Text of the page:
Football is coming back. The government has made that clear and the culture secretary Oliver Dowden enforced that view with his comments yesterday.
The debate is no longer whether football should return but whether the Premier League can deliver a model every club accepts as a fair and equitable solution before resumption.
At the start of this season there was no way Watford should beat Liverpool. Jürgen Klopp’s side are the world and European champions and play a style of football that is incredible to watch. They fully deserve to be crowned Premier League champions, however this season finishes.
But on February 29, we did beat Liverpool. It seems a long time ago now, but to even have a hope of overcoming one of the greatest sides this country has produced, we needed a level playing field. We needed to play at Vicarage Road, in front of our own fans with every single player mentally and physically in the best condition we could get them.
We needed to have been able to plan fully, to put together a game plan prepared weeks in advance by the manager Nigel Pearson and his coaching and analytics staff. We needed to control every element at our disposal. If all that comes together, then we have a chance of beating Liverpool or indeed any of the top teams. This happens more regularly in the Premier League than it does in, say, Germany, Italy or Spain. That’s why the Premier League is such a fantastic spectacle, loved throughout the world.
Now take a look at the compromises involved in Project Restart, which is aiming to resume the season on June 8 and play the remaining 92 Premier League games behind closed doors at neutral venues. I, of course, absolutely accept we cannot have supporters in the stadium. That goes without saying in the present situation.
However, we are now told we cannot play our remaining home games at Vicarage Road and the familiarity and advantage that brings. This against a backdrop of players who, having seen their lives turned upside down along with the rest of the world, are suddenly expected to perform as if nothing has happened, despite the rest of society probably still facing the kind of restrictions unenforceable on a football pitch.
We have club medical staff working under conditions that no doctor or physio has ever experienced with guidelines that, in no small part, are based at this stage on supposition rather than scientific fact. And with all these compromises and health risks we are asked to finish a competition that bears no resemblance to the one we started, which could end a small club like Watford’s time in the Premier League.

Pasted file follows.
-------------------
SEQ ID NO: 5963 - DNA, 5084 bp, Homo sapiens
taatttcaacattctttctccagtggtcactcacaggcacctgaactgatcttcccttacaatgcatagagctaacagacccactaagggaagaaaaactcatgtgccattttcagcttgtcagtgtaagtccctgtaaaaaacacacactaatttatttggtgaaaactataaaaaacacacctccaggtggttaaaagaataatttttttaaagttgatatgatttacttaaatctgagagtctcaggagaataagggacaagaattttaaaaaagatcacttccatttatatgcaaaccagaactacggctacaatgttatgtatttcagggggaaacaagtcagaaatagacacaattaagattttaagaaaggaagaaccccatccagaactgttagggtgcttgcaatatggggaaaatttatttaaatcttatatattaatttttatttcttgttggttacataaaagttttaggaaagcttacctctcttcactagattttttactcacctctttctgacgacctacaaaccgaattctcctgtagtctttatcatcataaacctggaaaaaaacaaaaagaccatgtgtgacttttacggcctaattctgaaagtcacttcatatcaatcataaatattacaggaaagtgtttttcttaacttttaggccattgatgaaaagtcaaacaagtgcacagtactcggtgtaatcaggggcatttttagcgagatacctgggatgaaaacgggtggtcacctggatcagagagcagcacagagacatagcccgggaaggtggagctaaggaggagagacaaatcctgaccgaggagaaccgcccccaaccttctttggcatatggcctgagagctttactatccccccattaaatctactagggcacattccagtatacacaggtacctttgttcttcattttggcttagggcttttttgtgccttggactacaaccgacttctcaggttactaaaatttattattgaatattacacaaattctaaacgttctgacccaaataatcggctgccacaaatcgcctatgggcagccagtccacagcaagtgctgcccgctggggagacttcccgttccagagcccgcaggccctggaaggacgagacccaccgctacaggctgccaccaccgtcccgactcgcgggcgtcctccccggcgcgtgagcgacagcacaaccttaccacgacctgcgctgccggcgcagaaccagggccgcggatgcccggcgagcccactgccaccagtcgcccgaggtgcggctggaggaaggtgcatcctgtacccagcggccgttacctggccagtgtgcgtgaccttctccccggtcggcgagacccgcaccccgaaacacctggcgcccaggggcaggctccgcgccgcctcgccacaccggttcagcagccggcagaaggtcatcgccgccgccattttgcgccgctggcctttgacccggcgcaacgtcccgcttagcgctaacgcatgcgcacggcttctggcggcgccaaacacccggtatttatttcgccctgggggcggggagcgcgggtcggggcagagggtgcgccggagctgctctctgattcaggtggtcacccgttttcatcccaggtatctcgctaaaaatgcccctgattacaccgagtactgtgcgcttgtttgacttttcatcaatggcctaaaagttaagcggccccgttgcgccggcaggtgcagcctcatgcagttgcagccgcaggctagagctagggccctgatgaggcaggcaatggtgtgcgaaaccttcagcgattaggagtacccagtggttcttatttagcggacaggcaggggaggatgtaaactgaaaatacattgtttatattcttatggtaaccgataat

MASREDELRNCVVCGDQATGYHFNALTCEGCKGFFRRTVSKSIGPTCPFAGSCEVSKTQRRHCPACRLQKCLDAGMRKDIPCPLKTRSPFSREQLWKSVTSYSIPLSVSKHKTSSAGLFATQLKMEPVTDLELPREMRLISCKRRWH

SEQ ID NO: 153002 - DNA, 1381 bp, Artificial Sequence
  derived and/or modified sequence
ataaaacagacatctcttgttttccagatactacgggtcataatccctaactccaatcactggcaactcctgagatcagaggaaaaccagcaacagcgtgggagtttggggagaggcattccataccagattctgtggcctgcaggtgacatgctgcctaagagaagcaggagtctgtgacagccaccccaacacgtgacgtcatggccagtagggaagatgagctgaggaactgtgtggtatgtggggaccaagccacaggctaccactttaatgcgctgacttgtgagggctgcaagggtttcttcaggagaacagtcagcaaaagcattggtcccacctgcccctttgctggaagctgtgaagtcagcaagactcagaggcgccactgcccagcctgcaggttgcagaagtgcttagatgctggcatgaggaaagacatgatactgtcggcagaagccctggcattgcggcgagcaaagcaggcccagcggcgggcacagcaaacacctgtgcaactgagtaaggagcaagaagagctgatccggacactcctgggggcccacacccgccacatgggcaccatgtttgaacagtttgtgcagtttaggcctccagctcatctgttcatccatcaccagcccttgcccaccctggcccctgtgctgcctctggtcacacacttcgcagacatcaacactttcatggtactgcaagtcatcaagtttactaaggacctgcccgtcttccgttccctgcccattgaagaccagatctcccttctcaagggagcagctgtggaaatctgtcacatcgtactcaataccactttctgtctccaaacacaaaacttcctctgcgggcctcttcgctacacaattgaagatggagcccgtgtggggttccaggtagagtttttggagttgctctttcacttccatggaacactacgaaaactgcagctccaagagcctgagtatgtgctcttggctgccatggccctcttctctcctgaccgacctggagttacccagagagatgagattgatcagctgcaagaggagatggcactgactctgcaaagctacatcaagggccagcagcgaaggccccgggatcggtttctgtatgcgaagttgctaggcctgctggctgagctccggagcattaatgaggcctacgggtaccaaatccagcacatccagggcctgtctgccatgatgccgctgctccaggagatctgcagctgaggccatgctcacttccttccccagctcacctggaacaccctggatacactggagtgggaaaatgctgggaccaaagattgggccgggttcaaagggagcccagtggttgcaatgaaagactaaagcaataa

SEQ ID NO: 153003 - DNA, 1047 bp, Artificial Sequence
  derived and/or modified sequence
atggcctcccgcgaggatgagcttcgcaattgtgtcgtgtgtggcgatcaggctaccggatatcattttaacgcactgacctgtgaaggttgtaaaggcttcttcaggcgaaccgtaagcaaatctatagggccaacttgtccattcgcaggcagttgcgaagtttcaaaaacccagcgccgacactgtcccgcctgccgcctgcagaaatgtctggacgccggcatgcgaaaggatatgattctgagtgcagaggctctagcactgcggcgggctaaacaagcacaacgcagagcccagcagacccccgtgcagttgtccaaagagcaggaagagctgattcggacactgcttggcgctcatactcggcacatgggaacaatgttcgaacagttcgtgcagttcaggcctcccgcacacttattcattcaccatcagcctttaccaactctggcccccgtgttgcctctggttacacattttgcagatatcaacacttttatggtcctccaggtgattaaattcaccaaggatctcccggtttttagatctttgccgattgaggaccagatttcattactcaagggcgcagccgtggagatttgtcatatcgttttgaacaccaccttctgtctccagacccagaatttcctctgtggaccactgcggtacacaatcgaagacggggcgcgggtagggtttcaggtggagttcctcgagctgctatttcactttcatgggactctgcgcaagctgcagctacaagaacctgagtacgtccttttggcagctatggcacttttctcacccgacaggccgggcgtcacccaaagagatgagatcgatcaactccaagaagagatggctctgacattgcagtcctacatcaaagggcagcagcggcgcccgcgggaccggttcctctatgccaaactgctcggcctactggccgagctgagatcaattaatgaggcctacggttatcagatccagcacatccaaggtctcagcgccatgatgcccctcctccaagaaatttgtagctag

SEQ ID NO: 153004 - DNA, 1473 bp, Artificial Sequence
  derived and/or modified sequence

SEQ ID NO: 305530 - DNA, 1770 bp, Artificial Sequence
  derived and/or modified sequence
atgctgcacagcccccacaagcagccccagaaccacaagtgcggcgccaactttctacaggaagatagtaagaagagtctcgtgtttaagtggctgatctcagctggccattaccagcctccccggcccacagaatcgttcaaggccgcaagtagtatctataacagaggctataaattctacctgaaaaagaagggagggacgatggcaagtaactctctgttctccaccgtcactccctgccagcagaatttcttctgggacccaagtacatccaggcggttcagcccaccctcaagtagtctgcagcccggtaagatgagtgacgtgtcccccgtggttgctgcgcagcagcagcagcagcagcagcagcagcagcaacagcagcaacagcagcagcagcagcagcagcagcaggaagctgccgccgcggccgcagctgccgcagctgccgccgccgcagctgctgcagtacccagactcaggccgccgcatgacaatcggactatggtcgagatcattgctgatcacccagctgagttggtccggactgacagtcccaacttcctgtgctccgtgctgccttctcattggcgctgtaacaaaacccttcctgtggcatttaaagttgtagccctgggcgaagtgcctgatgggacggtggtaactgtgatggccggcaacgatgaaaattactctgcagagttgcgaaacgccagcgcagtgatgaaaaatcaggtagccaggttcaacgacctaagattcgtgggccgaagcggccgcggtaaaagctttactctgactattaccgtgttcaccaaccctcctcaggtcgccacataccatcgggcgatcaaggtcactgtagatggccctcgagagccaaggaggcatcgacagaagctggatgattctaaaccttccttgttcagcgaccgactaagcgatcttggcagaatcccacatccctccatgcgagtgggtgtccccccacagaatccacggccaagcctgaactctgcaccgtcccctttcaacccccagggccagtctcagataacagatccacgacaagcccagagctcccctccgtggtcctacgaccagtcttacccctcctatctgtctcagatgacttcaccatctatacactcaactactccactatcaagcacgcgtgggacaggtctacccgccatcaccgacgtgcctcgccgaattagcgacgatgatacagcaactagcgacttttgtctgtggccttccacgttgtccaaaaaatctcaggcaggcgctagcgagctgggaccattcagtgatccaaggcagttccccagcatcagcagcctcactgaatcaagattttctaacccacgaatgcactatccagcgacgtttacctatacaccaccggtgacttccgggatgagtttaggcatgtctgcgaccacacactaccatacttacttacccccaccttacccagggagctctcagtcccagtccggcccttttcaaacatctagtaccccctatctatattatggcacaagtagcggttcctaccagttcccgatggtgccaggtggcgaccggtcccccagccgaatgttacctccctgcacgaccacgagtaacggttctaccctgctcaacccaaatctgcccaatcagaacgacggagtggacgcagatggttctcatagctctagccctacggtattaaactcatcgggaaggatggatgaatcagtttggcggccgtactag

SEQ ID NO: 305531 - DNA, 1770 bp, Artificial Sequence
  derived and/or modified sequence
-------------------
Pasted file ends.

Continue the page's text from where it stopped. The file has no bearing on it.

So is this fair? Does it have any semblance of sporting integrity? Of course not.
The Bundesliga will return on May 16 with home and away fixtures. They have found a way to implement all the proposals we have been talking about in our Premier League meetings without the need to resort to neutral venues.
Do the authorities seriously believe our clubs, in their own grounds, cannot deliver a safe environment for the 300 or so people involved in hosting a single Premier League match? Because, in the world of Covid-19, there is no such thing as an entirely safe environment wherever we play.
The police also talk about fans flouting restrictions when football restarts and that this is a concern for the authorities, but I believe we would have more control over supporters playing at our own grounds.
After all, Liverpool were emphatic their fans would be sensible and listen to club instructions when their own mayor came out against a return to football. If Liverpool wholeheartedly believe this when they are 25 points clear and on the brink of a first title for 30 years, I’m sure all other fans would follow suit.
Critics will say my position is founded on self-interest and they would be absolutely right. I have a duty to protect my club and the people employed by it, some of whom have worked for Watford Football Club for more than 20 years and dedicated their lives to it.
There is no altruism in the Premier League. There are 20 different vested interests, which sometimes align but more often than not work purely to protect each individual club.
That is why some clubs are happy to sign up to Project Restart because arguably there is only an upside in participating in this compromised format; it means Liverpool can win the title, other clubs can book their place in Europe next season or potentially fight their way up the table from a position of safety.
But when at least six clubs — and I suspect more — are concerned about the clear downside and the devastating effects of playing in this kind of distorted nine-game mini-league, then I believe the Premier League has a duty of care to address those concerns. If we start and finish a whole season under these conditions and at neutral venues when everybody knows the rules when we start, not created in a time of crisis, then that is clearly fair. To be asked to finish a quarter of the season under new rules and conditions is an entirely different proposition.
How can the long-term future of clubs be determined under these fundamentally changed conditions? How is there any semblance of fairness? To wave aside all the fears and concerns is too simplistic. Surely all 20 clubs must agree the fairest way forward to complete the season?
I hope we can now come together and find a solution to enable the season to end safely and fairly.